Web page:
Background Chronic rhinosinusitis (CRS) and bronchiectasis commonly co-occur, but most prior studies were not designed to evaluate temporality and causality. Objectives In a sample representing the general population in 37 counties in Pennsylvania, and thus the full spectrum of sinonasal and relevant lung diseases, we evaluated temporality and strength of associations of CRS with non-cystic fibrosis bronchiectasis. Methods We completed case-control analyses for each of three primary bronchiectasis case finding methods. We used electronic health records to identify CRS and bronchiectasis with diagnoses, procedure orders, and/or specific text in sinus or chest computerized tomography (CT) scans. Controls never had any indication of bronchiectasis and were frequency-matched to the three bronchiectasis groups on age, sex, and encounter year. There were 5,329 unique persons with bronchiectasis and 33,363 without in the three analyses. Important co-occurring conditions were identified with diagnoses, medication orders, and encounter types. Logistic regression was used to evaluate associations (odds ratios [OR], 95% confidence intervals) of CRS with bronchiectasis while adjusting for confounding variables. Results In adjusted analyses, CRS was consistently and strongly associated with all three bronchiectasis definitions. Associations (odds ratio, 95% confidence interval) were strongest for CRS based on sinus CT scan text and were generally stronger for CRS without nasal polyps (e.g., OR = 4.46 [2.09, 9.51] for diagnosis-based bronchiectasis). On average, CRS was identified over six years before bronchiectasis. Conclusion Precedent CRS was strongly and consistently associated with increased risk of bronchiectasis. Clinical Implication Early treatment of sinonasal disease may offer therapeutic strategies for prevention of bronchiectasis.
Article
Oil and natural gas are the largest primary global energy sources, and upstream gas emissions from these fuels can impact global climate change and local public health. This paper employs a public health-oriented perspective that reviews grey and academic literature, industry data, technical reports, and policy trends to highlight issues of emissions monitoring. We identify gaps in the existing landscape of emissions reduction strategies and highlight options for addressing them. Policy recommendations include the use of new digital monitoring technologies to better understand causes of emission events, to create data-driven oil and gas regulations, and to begin accurately measuring the volumes of gases released during oil and gas production. Areas for future research relating to emissions and public health impacts are outlined to further enable oil and gas policy discussions.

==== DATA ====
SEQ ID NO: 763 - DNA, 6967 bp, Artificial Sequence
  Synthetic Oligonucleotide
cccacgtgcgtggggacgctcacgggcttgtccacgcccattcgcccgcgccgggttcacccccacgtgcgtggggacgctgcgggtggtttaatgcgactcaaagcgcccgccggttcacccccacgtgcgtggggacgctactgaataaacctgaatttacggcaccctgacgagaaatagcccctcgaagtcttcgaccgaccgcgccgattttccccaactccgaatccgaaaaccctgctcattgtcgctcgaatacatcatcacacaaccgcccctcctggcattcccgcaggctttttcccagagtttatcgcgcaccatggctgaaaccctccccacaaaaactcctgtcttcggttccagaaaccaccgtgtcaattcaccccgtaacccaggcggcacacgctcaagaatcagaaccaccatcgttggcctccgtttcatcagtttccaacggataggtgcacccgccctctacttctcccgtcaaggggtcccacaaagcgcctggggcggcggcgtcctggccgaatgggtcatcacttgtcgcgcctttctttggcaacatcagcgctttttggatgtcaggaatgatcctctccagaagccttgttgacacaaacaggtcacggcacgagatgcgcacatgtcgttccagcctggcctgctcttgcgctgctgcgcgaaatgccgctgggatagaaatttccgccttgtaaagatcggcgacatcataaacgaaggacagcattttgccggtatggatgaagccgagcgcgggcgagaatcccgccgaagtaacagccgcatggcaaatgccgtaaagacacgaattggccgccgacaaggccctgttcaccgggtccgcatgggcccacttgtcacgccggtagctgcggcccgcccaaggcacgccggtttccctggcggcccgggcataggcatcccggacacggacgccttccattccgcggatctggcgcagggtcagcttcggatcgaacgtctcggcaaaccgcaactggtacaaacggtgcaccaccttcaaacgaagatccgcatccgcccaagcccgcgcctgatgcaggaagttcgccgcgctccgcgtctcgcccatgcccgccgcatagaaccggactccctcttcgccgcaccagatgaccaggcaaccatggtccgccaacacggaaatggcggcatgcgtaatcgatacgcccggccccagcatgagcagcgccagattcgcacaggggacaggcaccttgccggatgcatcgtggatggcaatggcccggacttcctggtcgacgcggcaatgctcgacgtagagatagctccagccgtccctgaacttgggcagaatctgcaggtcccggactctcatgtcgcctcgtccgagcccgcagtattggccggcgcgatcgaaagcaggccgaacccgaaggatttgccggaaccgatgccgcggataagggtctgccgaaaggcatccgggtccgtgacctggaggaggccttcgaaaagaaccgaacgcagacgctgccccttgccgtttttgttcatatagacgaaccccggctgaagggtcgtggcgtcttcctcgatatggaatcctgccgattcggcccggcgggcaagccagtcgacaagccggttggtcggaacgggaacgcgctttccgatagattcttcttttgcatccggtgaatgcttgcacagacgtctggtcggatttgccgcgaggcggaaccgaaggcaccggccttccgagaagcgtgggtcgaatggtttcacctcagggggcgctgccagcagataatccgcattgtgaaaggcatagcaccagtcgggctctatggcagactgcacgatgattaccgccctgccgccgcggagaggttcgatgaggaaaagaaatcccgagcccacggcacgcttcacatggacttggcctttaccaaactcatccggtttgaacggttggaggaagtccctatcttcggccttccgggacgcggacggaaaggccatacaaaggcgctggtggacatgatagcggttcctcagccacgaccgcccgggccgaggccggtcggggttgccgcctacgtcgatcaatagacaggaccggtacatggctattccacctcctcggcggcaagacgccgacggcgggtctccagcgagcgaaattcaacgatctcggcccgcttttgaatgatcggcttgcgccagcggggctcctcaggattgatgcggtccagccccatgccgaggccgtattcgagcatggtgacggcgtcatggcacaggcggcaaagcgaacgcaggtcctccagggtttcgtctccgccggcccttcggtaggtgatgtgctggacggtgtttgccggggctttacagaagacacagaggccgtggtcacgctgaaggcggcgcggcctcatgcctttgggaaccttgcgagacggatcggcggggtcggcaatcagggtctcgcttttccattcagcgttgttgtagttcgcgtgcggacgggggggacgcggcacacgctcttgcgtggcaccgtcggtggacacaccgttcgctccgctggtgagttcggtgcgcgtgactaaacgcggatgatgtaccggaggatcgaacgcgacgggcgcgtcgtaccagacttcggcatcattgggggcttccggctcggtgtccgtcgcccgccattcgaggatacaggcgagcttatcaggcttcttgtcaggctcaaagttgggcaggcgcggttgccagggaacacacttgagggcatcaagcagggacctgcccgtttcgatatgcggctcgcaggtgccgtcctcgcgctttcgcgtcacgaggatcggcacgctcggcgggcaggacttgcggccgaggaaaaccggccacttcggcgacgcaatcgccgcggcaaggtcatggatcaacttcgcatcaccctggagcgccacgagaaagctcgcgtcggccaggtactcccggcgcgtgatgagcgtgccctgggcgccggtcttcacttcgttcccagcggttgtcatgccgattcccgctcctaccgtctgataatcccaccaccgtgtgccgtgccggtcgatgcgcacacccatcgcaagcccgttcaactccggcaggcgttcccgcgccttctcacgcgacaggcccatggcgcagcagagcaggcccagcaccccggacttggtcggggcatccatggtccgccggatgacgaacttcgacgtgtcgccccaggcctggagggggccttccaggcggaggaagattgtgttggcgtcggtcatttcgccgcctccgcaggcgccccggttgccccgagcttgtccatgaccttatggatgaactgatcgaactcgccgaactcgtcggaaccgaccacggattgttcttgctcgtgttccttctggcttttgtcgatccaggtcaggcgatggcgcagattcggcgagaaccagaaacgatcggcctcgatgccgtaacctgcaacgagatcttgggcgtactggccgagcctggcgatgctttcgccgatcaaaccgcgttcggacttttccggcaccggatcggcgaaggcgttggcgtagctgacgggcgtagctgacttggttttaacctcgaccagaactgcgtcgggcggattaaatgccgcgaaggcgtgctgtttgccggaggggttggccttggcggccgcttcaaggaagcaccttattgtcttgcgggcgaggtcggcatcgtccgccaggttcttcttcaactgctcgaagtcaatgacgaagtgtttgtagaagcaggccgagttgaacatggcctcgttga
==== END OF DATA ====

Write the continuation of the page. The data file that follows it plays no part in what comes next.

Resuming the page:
Article
Background Prior studies have found that residential proximity to upstream oil and gas production is associated with increased risk of adverse health outcomes. Emissions of ambient air pollutants from oil and gas wells in the preproduction and production stages have been proposed as conferring risk of adverse health effects, but the extent of air pollutant emissions and resulting nearby pollution concentrations from wells is not clear. Objectives We examined the effects of upstream oil and gas preproduction (count of drilling sites) and production (total volume of oil and gas) activities on concentrations of five ambient air pollutants in California. Methods We obtained data on approximately 1 million daily observations from 314 monitors in the EPA Air Quality System, 2006-2019, including daily concentrations of five routinely monitored ambient air pollutants: PM2.5, CO, NO2, O3, and VOCs. We obtained data on preproduction and production operations from Enverus and the California Geographic Energy Management Division (CalGEM) for all wells in the state. For each monitor and each day, we assessed exposure to upwind preproduction wells and total oil and gas production volume within 10 km. We used a panel regression approach in the analysis and fit adjusted fixed effects linear regression models for each pollutant, controlling for geographic, seasonal, temporal, and meteorological factors. Results We observed higher concentrations of PM2.5 and CO at monitors within 3 km of preproduction wells, NO2 at monitors at 1-2 km, and O3 at 2-4 km from the wells. Monitors with proximity to increased production volume observed higher concentrations of PM2.5, NO2, and VOCs within 1 km and higher O3 concentrations at 1-2 km. Results were robust to sensitivity analyses. Conclusion Adjusting for geographic, meteorological, seasonal, and time-trending factors, we observed higher concentrations of ambient air pollutants at air quality monitors in proximity to preproduction wells within 4 km and producing wells within 2 km.